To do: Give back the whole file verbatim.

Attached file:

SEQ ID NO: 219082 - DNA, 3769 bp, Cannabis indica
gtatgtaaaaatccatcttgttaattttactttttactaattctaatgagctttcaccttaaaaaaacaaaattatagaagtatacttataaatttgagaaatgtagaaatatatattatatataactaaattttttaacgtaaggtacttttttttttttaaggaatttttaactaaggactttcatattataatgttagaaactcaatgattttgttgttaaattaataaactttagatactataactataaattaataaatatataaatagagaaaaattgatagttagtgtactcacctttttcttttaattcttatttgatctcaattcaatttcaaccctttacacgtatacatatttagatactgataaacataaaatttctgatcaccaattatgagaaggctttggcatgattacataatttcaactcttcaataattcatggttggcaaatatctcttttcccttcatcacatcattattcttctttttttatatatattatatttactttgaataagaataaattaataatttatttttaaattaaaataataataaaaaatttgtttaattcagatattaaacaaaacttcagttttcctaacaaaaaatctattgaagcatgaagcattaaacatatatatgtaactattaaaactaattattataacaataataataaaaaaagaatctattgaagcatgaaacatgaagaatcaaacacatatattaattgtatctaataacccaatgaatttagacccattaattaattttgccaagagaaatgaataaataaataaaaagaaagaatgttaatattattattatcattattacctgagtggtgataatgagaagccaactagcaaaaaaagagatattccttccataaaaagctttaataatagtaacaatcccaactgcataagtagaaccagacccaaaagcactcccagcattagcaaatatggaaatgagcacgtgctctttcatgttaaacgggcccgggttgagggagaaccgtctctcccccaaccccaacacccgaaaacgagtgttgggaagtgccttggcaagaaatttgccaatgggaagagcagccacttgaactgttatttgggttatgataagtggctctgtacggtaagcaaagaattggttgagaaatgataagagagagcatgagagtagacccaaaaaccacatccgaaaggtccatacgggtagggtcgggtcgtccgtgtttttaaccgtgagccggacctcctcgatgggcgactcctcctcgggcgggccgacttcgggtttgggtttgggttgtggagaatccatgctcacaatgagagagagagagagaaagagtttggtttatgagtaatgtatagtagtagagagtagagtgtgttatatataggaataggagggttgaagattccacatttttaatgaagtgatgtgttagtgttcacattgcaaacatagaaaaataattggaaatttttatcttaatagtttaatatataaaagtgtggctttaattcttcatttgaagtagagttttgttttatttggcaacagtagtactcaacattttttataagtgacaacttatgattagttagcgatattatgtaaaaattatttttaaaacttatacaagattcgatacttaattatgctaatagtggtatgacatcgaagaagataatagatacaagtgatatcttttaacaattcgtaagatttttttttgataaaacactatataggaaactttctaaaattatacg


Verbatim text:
SEQ ID NO: 219082 - DNA, 3769 bp, Cannabis indica
gtatgtaaaaatccatcttgttaattttactttttactaattctaatgagctttcaccttaaaaaaacaaaattatagaagtatacttataaatttgagaaatgtagaaatatatattatatataactaaattttttaacgtaaggtacttttttttttttaaggaatttttaactaaggactttcatattataatgttagaaactcaatgattttgttgttaaattaataaactttagatactataactataaattaataaatatataaatagagaaaaattgatagttagtgtactcacctttttcttttaattcttatttgatctcaattcaatttcaaccctttacacgtatacatatttagatactgataaacataaaatttctgatcaccaattatgagaaggctttggcatgattacataatttcaactcttcaataattcatggttggcaaatatctcttttcccttcatcacatcattattcttctttttttatatatattatatttactttgaataagaataaattaataatttatttttaaattaaaataataataaaaaatttgtttaattcagatattaaacaaaacttcagttttcctaacaaaaaatctattgaagcatgaagcattaaacatatatatgtaactattaaaactaattattataacaataataataaaaaaagaatctattgaagcatgaaacatgaagaatcaaacacatatattaattgtatctaataacccaatgaatttagacccattaattaattttgccaagagaaatgaataaataaataaaaagaaagaatgttaatattattattatcattattacctgagtggtgataatgagaagccaactagcaaaaaaagagatattccttccataaaaagctttaataatagtaacaatcccaactgcataagtagaaccagacccaaaagcactcccagcattagcaaatatggaaatgagcacgtgctctttcatgttaaacgggcccgggttgagggagaaccgtctctcccccaaccccaacacccgaaaacgagtgttgggaagtgccttggcaagaaatttgccaatgggaagagcagccacttgaactgttatttgggttatgataagtggctctgtacggtaagcaaagaattggttgagaaatgataagagagagcatgagagtagacccaaaaaccacatccgaaaggtccatacgggtagggtcgggtcgtccgtgtttttaaccgtgagccggacctcctcgatgggcgactcctcctcgggcgggccgacttcgggtttgggtttgggttgtggagaatccatgctcacaatgagagagagagagagaaagagtttggtttatgagtaatgtatagtagtagagagtagagtgtgttatatataggaataggagggttgaagattccacatttttaatgaagtgatgtgttagtgttcacattgcaaacatagaaaaataattggaaatttttatcttaatagtttaatatataaaagtgtggctttaattcttcatttgaagtagagttttgttttatttggcaacagtagtactcaacattttttataagtgacaacttatgattagttagcgatattatgtaaaaattatttttaaaacttatacaagattcgatacttaattatgctaatagtggtatgacatcgaagaagataatagatacaagtgatatcttttaacaattcgtaagatttttttttgataaaacactatataggaaactttctaaaattatacg